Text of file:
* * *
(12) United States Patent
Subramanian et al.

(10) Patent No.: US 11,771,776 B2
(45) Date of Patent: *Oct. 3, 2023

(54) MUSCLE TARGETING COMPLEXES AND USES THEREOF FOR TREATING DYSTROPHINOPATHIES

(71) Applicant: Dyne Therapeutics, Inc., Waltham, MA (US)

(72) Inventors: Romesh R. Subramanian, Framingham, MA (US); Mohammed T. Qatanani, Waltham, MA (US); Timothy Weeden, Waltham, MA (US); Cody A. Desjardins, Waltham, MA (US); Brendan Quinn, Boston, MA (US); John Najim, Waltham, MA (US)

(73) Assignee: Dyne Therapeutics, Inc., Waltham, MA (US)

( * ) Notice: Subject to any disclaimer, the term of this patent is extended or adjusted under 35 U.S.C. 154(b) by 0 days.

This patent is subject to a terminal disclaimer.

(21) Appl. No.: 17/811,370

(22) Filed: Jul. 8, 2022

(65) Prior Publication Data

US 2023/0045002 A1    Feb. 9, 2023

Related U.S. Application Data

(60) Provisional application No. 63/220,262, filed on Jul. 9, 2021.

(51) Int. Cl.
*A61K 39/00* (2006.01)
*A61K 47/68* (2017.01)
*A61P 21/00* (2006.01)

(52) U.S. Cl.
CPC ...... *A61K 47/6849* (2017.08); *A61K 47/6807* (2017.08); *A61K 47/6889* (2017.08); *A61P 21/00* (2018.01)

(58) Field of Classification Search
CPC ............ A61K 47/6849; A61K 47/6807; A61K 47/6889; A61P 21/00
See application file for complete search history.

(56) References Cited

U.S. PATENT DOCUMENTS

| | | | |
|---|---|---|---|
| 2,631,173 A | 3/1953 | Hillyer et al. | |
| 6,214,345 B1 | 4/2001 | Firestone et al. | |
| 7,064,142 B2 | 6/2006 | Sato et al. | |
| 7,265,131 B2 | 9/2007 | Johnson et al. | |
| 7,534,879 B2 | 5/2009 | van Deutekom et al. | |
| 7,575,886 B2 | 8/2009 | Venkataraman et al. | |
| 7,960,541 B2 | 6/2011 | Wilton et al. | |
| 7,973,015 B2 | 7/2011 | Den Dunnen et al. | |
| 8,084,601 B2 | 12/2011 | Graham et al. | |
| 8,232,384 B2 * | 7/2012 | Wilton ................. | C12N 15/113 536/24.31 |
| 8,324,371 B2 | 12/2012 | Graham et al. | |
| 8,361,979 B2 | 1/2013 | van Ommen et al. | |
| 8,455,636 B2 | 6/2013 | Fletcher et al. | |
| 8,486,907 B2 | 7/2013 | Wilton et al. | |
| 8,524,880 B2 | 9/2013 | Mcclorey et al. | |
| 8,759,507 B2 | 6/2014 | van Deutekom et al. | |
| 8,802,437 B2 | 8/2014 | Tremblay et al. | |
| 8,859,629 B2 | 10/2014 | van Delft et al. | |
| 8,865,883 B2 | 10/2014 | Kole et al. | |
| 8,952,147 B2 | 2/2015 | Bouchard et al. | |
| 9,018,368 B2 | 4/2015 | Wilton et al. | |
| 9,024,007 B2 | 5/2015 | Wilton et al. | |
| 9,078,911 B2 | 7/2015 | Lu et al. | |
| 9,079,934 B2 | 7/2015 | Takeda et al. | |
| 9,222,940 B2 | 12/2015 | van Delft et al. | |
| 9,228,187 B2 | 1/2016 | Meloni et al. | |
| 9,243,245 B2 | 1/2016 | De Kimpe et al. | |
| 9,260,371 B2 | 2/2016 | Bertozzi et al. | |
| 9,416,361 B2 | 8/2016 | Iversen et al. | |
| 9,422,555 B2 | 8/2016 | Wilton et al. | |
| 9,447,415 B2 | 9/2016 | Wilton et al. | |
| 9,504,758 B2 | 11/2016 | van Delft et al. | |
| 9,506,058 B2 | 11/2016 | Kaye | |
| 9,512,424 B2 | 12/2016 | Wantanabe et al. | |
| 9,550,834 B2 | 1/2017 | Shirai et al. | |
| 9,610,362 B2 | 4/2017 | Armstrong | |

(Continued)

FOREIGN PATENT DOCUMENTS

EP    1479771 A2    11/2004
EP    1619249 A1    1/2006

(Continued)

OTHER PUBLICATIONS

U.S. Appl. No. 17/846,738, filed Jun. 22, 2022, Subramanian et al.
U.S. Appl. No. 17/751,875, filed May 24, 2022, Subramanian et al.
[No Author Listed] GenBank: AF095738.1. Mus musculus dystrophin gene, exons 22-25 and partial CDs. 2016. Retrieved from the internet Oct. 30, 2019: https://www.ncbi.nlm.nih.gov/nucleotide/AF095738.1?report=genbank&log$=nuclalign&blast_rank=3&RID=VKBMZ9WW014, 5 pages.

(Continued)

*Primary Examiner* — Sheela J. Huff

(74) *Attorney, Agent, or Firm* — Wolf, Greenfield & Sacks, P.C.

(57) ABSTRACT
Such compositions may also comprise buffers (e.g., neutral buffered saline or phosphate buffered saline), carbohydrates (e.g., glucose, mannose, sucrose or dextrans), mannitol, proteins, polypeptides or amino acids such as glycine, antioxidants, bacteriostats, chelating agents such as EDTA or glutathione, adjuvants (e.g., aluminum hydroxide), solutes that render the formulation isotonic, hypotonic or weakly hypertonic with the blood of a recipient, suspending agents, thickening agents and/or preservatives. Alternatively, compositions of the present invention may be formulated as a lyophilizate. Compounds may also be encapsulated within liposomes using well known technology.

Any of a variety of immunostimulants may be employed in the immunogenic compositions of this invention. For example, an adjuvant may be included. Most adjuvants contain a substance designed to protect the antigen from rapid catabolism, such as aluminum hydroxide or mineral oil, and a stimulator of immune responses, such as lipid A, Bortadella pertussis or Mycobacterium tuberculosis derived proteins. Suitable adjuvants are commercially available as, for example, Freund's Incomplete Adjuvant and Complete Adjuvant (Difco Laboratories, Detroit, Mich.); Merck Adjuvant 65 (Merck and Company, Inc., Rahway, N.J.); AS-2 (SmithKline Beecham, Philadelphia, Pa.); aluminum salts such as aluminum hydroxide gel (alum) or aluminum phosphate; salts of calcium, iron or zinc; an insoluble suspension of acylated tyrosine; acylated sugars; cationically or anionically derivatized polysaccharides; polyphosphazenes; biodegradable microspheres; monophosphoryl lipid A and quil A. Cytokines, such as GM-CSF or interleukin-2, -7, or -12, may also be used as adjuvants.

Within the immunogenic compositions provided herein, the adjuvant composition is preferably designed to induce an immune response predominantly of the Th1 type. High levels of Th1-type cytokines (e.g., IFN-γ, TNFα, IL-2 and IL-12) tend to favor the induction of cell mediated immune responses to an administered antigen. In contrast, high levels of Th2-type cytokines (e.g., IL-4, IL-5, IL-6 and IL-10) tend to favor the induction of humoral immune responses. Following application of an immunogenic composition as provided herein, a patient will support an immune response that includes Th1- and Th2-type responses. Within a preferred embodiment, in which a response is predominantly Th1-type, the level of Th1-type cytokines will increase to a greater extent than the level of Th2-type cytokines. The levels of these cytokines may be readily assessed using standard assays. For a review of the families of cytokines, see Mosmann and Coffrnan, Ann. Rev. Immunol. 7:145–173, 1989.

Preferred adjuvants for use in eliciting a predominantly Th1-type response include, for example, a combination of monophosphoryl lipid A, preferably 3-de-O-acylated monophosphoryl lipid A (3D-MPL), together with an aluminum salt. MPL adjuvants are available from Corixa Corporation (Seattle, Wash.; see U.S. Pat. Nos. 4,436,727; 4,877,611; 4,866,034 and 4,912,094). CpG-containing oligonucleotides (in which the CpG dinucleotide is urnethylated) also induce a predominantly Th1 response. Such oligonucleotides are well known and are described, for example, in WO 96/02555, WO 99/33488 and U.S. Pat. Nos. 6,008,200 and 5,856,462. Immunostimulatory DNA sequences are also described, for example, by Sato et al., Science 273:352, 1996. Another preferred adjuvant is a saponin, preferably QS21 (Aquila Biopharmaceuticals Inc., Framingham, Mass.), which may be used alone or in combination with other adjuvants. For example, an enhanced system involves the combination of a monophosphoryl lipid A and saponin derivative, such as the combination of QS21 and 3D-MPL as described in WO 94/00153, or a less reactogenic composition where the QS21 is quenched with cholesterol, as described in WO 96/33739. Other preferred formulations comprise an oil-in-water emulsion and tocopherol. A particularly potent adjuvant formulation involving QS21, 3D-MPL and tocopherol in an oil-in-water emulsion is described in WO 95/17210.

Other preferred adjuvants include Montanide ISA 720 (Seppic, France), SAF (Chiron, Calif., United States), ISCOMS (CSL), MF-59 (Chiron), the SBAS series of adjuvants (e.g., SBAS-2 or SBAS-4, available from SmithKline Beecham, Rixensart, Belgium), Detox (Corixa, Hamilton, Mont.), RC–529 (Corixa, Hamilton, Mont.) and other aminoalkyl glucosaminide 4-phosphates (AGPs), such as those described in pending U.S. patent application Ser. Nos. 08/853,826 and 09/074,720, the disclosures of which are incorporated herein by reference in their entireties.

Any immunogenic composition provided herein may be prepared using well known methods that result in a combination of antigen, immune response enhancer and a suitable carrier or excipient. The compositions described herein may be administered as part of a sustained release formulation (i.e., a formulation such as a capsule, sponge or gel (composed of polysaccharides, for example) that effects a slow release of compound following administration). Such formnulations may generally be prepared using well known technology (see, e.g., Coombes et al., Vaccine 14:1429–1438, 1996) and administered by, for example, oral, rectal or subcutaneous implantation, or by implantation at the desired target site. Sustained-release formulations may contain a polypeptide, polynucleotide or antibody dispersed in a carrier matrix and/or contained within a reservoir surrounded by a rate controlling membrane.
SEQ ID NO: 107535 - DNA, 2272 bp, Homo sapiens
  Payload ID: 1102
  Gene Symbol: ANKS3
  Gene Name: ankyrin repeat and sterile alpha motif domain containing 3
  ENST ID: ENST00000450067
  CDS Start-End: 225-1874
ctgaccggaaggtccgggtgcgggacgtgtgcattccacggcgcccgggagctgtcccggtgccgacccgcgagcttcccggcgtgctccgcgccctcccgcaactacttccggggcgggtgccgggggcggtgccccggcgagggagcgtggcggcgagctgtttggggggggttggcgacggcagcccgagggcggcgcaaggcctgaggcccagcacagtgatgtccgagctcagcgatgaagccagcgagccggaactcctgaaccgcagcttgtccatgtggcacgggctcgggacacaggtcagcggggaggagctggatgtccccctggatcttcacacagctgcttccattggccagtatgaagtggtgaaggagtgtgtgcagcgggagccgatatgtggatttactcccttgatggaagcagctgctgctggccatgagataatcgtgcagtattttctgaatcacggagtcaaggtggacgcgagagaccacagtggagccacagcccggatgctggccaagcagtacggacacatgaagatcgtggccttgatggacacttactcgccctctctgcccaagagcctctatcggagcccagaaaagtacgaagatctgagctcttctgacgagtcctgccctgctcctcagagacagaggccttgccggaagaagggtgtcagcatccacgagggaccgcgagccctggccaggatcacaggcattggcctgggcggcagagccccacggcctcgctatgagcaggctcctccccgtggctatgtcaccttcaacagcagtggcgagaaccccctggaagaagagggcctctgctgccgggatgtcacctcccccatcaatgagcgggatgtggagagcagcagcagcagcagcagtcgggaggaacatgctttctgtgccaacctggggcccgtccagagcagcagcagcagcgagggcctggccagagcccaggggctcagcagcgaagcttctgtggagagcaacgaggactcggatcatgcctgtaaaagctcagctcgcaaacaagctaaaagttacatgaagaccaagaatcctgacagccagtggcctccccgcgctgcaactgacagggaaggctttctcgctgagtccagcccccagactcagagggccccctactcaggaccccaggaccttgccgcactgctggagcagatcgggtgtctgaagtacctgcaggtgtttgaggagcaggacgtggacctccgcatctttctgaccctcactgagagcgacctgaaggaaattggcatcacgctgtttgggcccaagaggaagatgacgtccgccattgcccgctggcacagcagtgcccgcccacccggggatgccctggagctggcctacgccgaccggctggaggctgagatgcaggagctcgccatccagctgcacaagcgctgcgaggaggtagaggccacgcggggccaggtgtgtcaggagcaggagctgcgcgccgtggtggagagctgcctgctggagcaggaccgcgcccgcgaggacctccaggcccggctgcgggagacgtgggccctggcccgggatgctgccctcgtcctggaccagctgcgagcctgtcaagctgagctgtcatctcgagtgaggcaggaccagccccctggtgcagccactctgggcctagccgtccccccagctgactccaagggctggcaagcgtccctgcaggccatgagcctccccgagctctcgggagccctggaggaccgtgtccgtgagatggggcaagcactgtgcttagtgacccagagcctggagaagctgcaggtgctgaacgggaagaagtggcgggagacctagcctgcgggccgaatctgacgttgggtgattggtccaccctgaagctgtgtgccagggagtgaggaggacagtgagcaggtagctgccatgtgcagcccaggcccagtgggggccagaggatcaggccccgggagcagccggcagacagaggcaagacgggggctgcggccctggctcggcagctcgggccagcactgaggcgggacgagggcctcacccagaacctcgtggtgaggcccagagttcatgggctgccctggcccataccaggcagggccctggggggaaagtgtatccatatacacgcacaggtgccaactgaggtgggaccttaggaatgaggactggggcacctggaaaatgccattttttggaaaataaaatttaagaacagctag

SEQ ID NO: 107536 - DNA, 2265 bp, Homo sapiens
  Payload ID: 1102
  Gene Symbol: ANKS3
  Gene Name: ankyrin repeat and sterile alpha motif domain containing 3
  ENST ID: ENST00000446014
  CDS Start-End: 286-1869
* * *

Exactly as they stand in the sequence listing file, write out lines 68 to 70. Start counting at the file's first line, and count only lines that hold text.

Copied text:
EP    1479771 A2    11/2004
EP    1619249 A1    1/2006

(Continued)